France's last surviving WWII Resistance hero dies aged 101: minister

·2-min read
Germain took part in key battles in Libya, Egypt and Tunisia (AFP/CHRISTOPHE ARCHAMBAULT)

The last survivor out of over 1,000 people who were awarded the highest bravery order by Charles de Gaulle for their role in French Resistance forces during World War II has died aged 101, France's defence minister announced on Tuesday.

"I want to inform you that Hubert Germain, the last surviving member of the Order of the Liberation, has died," Florence Parly told French lawmakers.

"It's an important moment in our history," she added.

Germain was among 1,038 decorated with the Order of the Liberation for their heroism by Resistance leader and later president de Gaulle.

He decided to join the resistance as he was shocked by French collaborationist leader Philippe Petain's call to lay down arms against the Germans.

As a member of the French Free Forces and the Foreign Legion, Germain took part in key battles at Bir-Hakeim in Libya, El Alamein in Egypt, and in Tunisia.

He then participated in the decisive French-led assault on Mediterranean beaches in August 1944, setting foot on home soil for the first time in years.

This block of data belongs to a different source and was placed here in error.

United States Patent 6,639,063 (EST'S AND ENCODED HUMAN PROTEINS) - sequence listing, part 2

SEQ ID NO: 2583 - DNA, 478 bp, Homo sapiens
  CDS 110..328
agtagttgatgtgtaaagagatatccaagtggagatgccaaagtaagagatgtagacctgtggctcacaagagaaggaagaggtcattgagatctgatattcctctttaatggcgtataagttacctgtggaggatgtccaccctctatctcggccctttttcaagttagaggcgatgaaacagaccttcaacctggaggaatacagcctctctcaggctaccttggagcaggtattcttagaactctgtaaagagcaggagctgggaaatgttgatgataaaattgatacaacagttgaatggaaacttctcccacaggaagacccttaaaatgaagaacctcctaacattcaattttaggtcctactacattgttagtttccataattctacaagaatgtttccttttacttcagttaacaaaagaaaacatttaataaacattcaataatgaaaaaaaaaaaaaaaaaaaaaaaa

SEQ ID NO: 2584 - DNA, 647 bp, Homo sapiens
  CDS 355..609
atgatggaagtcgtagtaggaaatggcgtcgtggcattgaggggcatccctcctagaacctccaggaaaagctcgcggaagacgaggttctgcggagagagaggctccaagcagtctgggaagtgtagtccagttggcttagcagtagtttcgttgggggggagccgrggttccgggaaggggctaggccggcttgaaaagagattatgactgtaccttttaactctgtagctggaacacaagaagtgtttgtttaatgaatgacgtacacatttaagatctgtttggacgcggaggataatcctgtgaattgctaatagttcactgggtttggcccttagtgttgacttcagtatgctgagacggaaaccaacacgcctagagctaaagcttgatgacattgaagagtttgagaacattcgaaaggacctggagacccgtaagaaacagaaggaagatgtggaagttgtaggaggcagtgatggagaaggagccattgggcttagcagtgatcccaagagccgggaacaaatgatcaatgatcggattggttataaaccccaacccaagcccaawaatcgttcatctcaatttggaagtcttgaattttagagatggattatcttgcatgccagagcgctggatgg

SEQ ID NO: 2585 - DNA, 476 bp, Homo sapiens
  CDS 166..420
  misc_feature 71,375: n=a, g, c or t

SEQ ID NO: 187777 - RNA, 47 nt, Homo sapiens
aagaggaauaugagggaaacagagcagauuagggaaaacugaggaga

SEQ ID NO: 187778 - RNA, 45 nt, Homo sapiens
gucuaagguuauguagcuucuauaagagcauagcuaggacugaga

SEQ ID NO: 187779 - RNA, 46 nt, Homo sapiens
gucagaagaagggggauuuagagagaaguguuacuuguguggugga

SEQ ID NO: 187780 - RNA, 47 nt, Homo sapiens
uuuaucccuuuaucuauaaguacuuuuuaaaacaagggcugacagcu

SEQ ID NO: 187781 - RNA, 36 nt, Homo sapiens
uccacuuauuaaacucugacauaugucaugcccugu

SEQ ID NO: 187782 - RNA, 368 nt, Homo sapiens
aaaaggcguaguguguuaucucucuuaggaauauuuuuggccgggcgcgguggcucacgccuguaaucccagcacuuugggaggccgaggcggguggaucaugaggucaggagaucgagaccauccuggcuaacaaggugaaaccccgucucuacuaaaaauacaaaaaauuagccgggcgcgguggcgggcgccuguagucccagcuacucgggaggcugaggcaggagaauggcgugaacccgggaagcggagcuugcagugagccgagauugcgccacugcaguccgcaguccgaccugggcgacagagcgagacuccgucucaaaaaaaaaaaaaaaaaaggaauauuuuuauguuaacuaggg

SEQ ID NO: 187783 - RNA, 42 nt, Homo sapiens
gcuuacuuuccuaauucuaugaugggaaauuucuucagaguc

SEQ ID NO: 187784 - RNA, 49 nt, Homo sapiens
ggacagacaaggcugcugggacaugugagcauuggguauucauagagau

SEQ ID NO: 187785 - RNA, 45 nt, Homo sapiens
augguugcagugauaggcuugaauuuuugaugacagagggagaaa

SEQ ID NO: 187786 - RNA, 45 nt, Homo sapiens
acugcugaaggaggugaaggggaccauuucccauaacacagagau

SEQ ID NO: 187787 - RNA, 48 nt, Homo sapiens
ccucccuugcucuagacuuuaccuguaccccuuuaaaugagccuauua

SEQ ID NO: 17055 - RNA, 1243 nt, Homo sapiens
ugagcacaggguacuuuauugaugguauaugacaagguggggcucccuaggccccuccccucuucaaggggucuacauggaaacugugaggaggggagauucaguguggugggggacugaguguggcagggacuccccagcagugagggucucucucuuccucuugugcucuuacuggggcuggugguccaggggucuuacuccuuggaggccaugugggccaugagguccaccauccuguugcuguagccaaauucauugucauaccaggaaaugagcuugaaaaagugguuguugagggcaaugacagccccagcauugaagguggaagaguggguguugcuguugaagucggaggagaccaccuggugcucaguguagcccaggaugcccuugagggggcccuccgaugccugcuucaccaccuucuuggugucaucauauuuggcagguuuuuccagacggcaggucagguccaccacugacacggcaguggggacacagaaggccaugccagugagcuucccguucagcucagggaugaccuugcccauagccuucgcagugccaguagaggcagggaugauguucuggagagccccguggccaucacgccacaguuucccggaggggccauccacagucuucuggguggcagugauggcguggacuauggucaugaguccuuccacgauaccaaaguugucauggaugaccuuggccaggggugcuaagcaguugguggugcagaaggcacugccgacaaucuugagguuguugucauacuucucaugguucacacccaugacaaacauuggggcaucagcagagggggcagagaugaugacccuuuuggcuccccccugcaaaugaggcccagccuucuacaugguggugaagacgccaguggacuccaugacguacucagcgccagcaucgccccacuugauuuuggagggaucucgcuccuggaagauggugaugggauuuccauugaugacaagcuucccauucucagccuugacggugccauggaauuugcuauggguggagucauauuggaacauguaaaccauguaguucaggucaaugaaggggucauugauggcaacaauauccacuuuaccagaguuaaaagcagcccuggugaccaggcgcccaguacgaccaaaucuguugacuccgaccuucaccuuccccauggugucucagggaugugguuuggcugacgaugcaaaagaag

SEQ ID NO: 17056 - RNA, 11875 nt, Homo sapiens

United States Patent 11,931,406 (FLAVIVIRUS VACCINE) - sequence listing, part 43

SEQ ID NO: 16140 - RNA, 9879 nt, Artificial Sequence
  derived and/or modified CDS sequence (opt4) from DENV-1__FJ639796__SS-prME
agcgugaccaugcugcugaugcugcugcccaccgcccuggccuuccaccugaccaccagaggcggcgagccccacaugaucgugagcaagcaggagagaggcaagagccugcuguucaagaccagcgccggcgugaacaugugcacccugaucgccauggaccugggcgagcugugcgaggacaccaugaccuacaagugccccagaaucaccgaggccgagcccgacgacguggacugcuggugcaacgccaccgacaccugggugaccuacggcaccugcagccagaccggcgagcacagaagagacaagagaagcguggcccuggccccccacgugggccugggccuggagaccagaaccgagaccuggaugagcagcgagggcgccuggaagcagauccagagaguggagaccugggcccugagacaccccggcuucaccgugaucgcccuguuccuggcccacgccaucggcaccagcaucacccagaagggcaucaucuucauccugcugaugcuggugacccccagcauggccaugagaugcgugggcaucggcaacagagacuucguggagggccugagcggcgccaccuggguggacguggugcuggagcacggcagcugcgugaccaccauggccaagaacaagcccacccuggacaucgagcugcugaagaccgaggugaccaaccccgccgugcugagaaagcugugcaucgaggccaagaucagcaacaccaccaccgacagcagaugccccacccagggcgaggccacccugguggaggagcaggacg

He fought for the liberation of the southern city of Toulon, the Rhone Valley and Lyon in central France, moving to the Vosges mountains and Alsace in the east, and ended the war in the southern Alps.

Out of the over 1,000 Resistance heroes, a third died in combat and 80 percent of the survivors were wounded in action.

Of the last three survivors, Edgard Tupet-Thome died aged 100 in September 2020 and Daniel Cordier died, also aged 100, in November that year.

In his last public appearance, Germain met President Emmanuel Macron in June this year as they marked de Gaulle's historic call to defy France's Nazi occupiers despite the country's capitulation.

Germain was helped from his wheelchair to accept a red sash from Macron, who embraced his cheeks, and then saluted the president before putting on his military cap.

"Eighty-one years on, General de Gaulle's call still resonates. The flame of the resistance will not be extinguished," Macron wrote on Twitter after that ceremony.

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